Isomerism is a phenomenon where two or more molecules have the same chemical formula but different arrangements of atoms within the molecule. These different arrangements of atoms lead to different chemical and physical properties, such as melting point, boiling point, solubility, and reactivity.

There are different types of isomerism, including structural isomerism, stereoisomerism, and geometrical isomerism. Structural isomers have different structures of the same molecular formula, while stereoisomers have the same molecular formula and the same order of atom connectivity but differ in their three-dimensional orientation. Geometrical isomers are a type of stereoisomerism that arises due to restricted rotation around a carbon-carbon double bond or a ring structure, resulting in different spatial arrangements of the groups attached to the carbon atoms.

Isomerism plays an important role in organic chemistry and biochemistry, where different isomers of a molecule can have very different biological activities and pharmacological properties. For example, the two isomers of the drug thalidomide have vastly different effects on the human body, with one isomer being a powerful sedative and the other causing severe birth defects when taken by pregnant women.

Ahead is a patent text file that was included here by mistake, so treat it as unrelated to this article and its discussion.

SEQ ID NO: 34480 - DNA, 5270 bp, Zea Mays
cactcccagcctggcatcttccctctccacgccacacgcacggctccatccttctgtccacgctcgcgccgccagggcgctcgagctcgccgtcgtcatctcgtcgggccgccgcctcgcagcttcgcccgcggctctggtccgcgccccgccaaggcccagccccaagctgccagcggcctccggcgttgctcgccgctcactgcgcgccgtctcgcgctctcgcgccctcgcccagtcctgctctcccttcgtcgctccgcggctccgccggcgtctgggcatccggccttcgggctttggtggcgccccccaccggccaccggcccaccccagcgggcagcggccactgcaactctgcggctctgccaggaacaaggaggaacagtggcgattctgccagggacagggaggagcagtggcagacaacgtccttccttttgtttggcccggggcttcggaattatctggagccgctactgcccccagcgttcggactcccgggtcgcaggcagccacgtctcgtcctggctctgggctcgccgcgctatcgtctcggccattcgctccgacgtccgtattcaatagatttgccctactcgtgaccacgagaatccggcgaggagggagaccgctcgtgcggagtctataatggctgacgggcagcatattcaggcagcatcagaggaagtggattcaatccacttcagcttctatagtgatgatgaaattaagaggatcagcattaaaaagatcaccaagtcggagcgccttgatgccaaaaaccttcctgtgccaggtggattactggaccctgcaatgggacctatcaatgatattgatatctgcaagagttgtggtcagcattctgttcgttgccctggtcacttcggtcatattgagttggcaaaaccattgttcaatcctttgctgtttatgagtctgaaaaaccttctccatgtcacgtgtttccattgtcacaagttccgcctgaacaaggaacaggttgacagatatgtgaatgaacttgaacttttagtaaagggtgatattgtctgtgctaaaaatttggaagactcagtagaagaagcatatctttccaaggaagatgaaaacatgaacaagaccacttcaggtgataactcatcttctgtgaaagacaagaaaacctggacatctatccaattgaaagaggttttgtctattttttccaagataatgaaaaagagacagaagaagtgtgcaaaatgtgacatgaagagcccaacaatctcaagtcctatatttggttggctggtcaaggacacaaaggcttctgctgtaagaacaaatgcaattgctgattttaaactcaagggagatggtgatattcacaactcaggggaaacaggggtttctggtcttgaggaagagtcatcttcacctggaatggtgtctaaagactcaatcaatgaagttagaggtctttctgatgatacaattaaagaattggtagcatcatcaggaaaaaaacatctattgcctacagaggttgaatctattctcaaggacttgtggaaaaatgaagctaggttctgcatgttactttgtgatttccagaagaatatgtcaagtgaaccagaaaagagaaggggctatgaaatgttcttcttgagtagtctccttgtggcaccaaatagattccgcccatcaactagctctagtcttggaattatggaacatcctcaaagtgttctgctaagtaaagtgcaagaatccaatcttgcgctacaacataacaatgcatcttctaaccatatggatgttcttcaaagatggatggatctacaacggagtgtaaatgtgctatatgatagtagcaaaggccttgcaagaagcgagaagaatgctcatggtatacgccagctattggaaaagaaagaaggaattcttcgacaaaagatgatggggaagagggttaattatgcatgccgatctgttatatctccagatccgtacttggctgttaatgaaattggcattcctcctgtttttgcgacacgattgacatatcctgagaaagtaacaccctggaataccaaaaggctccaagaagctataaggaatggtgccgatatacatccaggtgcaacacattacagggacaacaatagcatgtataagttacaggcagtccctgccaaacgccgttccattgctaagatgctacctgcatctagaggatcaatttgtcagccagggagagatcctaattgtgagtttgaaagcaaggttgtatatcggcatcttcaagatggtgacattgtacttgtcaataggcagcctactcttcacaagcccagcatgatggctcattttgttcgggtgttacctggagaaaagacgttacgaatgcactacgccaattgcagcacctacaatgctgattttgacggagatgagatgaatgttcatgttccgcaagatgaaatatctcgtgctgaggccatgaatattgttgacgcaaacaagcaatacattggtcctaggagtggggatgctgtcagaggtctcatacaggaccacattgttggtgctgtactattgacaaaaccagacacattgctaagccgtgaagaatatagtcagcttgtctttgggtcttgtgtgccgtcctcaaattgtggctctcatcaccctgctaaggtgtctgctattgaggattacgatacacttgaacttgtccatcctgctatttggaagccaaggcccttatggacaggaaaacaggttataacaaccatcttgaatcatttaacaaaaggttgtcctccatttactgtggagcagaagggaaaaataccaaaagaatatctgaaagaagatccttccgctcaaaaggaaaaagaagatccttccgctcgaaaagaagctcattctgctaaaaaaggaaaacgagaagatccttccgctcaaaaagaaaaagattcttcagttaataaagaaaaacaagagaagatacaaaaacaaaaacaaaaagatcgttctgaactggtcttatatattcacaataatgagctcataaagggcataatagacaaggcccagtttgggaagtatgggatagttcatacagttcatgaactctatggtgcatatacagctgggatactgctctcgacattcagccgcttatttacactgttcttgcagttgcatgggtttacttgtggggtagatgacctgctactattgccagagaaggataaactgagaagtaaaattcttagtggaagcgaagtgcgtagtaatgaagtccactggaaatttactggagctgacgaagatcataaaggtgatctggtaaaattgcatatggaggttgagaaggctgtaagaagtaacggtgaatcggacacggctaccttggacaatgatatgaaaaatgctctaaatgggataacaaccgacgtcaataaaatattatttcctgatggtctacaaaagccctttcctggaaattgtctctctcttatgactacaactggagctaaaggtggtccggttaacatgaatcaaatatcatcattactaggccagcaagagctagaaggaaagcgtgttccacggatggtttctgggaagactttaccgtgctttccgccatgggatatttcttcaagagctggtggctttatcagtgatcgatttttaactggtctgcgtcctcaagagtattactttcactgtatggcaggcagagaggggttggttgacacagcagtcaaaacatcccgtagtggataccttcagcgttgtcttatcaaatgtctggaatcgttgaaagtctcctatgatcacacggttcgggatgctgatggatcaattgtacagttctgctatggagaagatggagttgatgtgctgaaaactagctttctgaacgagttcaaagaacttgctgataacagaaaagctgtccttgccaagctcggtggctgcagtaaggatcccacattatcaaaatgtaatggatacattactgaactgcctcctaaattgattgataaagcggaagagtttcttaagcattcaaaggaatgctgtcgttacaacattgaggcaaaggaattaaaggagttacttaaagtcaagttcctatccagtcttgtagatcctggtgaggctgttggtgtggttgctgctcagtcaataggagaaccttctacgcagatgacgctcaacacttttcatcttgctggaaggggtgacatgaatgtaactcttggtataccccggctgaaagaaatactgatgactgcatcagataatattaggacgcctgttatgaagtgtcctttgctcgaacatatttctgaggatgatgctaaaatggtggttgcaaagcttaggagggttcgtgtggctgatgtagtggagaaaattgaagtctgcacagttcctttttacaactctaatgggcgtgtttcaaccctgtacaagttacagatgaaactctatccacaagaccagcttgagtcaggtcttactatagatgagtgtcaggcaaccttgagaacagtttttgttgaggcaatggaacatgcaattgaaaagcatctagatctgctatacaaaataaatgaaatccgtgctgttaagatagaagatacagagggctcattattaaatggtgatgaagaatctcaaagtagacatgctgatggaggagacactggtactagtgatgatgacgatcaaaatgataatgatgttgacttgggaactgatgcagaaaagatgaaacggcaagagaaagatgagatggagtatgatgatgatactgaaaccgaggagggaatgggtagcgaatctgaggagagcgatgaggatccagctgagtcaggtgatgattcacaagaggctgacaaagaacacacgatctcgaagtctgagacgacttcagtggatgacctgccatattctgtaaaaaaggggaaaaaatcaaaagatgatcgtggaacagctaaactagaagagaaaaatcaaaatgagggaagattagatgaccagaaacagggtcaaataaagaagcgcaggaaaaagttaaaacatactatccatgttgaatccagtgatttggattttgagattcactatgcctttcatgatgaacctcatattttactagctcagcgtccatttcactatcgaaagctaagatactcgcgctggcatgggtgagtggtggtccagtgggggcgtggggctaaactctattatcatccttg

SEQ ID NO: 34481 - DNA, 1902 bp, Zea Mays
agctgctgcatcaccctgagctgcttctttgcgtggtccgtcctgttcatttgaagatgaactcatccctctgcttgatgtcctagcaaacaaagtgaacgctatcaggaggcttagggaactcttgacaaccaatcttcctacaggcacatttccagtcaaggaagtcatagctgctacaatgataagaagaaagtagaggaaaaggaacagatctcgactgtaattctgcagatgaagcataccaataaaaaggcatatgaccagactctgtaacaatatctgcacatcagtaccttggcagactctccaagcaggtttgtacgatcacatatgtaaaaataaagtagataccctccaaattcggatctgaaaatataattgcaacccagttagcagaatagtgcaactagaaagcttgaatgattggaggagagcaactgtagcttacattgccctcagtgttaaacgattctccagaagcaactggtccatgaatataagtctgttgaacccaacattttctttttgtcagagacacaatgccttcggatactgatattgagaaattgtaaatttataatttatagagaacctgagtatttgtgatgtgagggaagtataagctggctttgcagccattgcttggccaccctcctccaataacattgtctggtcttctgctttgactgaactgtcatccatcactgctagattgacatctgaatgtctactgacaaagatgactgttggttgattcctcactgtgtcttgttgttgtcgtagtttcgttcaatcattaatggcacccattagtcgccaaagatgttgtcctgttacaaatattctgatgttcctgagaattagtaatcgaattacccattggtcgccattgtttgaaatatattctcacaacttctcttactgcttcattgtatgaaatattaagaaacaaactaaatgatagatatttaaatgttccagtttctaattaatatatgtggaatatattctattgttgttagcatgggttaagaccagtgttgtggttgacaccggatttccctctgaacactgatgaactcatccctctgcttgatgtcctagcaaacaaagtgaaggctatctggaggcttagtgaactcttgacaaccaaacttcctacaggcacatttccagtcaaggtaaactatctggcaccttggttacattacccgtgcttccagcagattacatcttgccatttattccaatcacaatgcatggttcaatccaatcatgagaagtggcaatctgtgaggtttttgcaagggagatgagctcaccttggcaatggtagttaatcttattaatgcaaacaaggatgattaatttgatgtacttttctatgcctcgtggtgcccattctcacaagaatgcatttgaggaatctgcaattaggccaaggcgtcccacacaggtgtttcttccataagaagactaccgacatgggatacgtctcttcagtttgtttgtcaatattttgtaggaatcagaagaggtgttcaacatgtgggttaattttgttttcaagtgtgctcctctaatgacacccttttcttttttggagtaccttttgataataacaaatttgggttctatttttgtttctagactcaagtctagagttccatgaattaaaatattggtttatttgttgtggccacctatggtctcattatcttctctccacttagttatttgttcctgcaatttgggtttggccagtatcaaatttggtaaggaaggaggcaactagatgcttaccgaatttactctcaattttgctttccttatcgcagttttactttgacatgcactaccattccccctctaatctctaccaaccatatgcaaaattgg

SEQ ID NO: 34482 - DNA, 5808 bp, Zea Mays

Isomerism FAQs

Isomers are compounds that have the same molecular formula but differ in their structural arrangement or spatial orientation. They exhibit distinct chemical and physical properties due to these differences.
Constitutional isomers have different connectivity of atoms, meaning the atoms are bonded in different ways. Stereoisomers, on the other hand, have the same connectivity but differ in their spatial arrangement.
There are two main types of stereoisomers: geometric (cis-trans) isomers and optical (enantiomeric) isomers. Geometric isomers have different spatial arrangements around a double bond, while optical isomers are non-superimposable mirror images of each other.
Cis-trans isomers occur when there is restricted rotation around a double bond or in a cyclic structure. They have different spatial arrangements around the double bond, leading to different physical and chemical properties.
Enantiomers are a type of optical isomer that are mirror images of each other and cannot be superimposed. They have the same connectivity of atoms but differ in the arrangement of groups around a chiral center. Enantiomers exhibit optical activity and often have different biological activities.
Yes, isomers can have different chemical reactivity despite having the same molecular formula. The spatial arrangement of atoms can influence how a molecule interacts with other molecules, affecting its reactivity in chemical reactions.
Isomers play a significant role in drug development and pharmaceuticals. Different isomers of a compound can have varying pharmacological properties, including efficacy and side effects. Understanding and controlling isomerism is essential in producing safe and effective medications.
Isomers are crucial in materials science for designing and developing new materials with specific properties. Different isomeric forms of a compound can exhibit distinct physical and chemical properties, making them valuable for applications in fields such as electronics, catalysis, and polymers.
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